Poetry | While we were on Twitter

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Article
Category
Friday Features
Friday Poetry

A kingfisher swallowed a cane toad near Kakadu | A woman in south-east Queensland saw rainbow lorikeets fall from the sky | A flock of brolga fished for frogs in an algal bloom | Just outside Cairns, a bush-stone curlew bounced off the bonnet of a speeding ute | In Broome, a grey nomad pulled a blue-faced finch from the radiator of his 4WD

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Review

Problematic places: two outsider journeys into the Latrobe Valley

Problematic places have stories to tell and there are many ways to do so. When outsiders tell those stories, it’s not necessarily a bad thing. It would be a dull monochromatic world indeed, void of empathy and intellectual engagement, if we could only write of what we know of personally. But the outsider with the capacity to speak, publish, and represent carries a special burden of responsibility.

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Article
Category
Climate change
Politics

Environmentalism with a business face

Contrary to what many progressives imagine, the Murdoch press lacks the authority to tell its readers what to think. Every election, the tabloids back the Liberals. Every election, their blue-collar readership overwhelmingly votes Labor, with surveys consistently showing the Telegraph to be the least trusted media outlet in the country.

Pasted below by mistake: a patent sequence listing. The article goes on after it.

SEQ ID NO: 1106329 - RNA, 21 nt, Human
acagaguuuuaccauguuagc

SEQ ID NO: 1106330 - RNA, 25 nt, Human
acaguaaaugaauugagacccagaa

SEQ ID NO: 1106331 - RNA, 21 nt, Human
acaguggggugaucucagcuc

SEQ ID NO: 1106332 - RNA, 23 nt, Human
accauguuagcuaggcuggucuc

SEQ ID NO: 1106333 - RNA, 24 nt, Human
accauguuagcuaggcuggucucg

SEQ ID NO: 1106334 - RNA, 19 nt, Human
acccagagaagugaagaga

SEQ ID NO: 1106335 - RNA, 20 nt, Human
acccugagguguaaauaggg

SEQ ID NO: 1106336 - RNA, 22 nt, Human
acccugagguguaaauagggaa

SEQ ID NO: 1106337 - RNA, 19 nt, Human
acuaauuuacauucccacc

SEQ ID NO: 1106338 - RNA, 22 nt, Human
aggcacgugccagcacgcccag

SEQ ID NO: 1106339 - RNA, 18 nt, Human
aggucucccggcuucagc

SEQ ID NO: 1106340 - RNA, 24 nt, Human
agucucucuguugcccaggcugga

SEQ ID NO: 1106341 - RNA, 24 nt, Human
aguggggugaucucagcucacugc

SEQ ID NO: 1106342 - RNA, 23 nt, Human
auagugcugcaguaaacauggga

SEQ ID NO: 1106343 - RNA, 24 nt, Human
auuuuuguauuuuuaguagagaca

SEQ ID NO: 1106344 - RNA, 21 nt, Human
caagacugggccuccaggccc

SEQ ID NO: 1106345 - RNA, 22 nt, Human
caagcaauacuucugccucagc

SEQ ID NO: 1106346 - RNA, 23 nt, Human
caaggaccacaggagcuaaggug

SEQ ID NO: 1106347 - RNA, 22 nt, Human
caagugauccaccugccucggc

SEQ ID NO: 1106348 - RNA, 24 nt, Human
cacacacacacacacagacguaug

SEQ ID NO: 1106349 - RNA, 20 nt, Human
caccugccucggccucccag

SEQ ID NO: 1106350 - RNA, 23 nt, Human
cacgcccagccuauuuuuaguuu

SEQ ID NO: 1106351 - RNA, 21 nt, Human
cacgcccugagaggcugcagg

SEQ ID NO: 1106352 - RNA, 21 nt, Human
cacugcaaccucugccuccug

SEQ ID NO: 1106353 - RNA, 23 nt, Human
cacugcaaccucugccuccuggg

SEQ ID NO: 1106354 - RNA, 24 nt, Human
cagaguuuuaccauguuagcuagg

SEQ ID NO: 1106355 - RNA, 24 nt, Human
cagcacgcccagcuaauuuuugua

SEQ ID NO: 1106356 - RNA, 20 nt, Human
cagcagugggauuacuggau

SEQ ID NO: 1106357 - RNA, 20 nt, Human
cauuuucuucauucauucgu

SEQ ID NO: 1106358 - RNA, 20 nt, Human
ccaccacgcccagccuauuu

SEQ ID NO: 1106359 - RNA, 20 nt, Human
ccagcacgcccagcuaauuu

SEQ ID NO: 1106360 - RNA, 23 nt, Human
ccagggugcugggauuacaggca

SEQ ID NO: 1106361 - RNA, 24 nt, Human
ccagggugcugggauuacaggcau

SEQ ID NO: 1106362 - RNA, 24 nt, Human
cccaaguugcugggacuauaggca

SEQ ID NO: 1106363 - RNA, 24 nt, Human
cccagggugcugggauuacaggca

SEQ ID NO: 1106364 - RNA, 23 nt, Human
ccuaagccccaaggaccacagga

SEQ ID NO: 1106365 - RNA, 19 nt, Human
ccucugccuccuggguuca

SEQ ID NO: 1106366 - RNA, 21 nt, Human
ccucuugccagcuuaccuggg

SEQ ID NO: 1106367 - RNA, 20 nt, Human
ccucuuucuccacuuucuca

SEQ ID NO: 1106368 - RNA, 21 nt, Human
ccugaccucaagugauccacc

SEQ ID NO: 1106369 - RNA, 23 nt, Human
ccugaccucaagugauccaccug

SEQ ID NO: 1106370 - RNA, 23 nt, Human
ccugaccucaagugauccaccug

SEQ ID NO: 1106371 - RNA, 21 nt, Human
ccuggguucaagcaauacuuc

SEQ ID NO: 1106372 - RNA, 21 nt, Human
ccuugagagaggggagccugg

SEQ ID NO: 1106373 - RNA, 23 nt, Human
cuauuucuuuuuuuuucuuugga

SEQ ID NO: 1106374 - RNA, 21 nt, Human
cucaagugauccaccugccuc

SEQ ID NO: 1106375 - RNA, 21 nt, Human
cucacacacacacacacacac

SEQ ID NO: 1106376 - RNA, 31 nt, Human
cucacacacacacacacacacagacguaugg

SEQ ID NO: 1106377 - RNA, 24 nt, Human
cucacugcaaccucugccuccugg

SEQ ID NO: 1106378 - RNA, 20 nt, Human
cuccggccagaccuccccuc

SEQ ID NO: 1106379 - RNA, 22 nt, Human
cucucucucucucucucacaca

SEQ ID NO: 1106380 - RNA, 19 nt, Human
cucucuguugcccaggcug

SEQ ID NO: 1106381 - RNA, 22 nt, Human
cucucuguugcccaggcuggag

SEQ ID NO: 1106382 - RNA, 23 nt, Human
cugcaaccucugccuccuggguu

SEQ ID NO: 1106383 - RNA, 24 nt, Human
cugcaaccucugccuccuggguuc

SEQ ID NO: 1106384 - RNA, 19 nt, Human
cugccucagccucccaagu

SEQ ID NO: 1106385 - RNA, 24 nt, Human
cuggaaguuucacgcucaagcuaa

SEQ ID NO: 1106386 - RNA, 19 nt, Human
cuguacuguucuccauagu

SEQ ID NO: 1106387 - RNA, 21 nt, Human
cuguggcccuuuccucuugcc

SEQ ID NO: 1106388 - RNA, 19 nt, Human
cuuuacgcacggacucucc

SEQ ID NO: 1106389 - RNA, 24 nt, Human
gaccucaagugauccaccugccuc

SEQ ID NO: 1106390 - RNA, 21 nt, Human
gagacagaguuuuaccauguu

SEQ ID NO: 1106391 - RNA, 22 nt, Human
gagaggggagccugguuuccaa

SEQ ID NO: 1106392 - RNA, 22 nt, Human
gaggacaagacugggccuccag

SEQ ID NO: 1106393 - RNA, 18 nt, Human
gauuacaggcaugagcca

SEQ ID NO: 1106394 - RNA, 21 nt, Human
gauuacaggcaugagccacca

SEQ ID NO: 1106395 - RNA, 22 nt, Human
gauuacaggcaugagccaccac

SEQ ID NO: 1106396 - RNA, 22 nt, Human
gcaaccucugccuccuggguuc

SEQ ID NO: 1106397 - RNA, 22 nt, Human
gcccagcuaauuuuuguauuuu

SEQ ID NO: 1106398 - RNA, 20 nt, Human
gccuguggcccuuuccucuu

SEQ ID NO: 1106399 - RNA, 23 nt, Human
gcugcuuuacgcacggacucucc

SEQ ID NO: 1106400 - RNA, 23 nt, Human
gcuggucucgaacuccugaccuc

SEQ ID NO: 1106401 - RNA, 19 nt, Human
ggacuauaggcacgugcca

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Article
Category
Coronavirus
Disability

Covid, crisis, history: why we need a political economy of disability

What it means is that this pandemic, and the near universal inability to properly contain and manage its spread, are a function of the particular material form that disability takes under capitalism. We must understand disability, itself a category historically located within capitalism before we can understand the pandemic. To avert another such global catastrophe in the future, we must confront the structures within which this most recent catastrophe is comprised.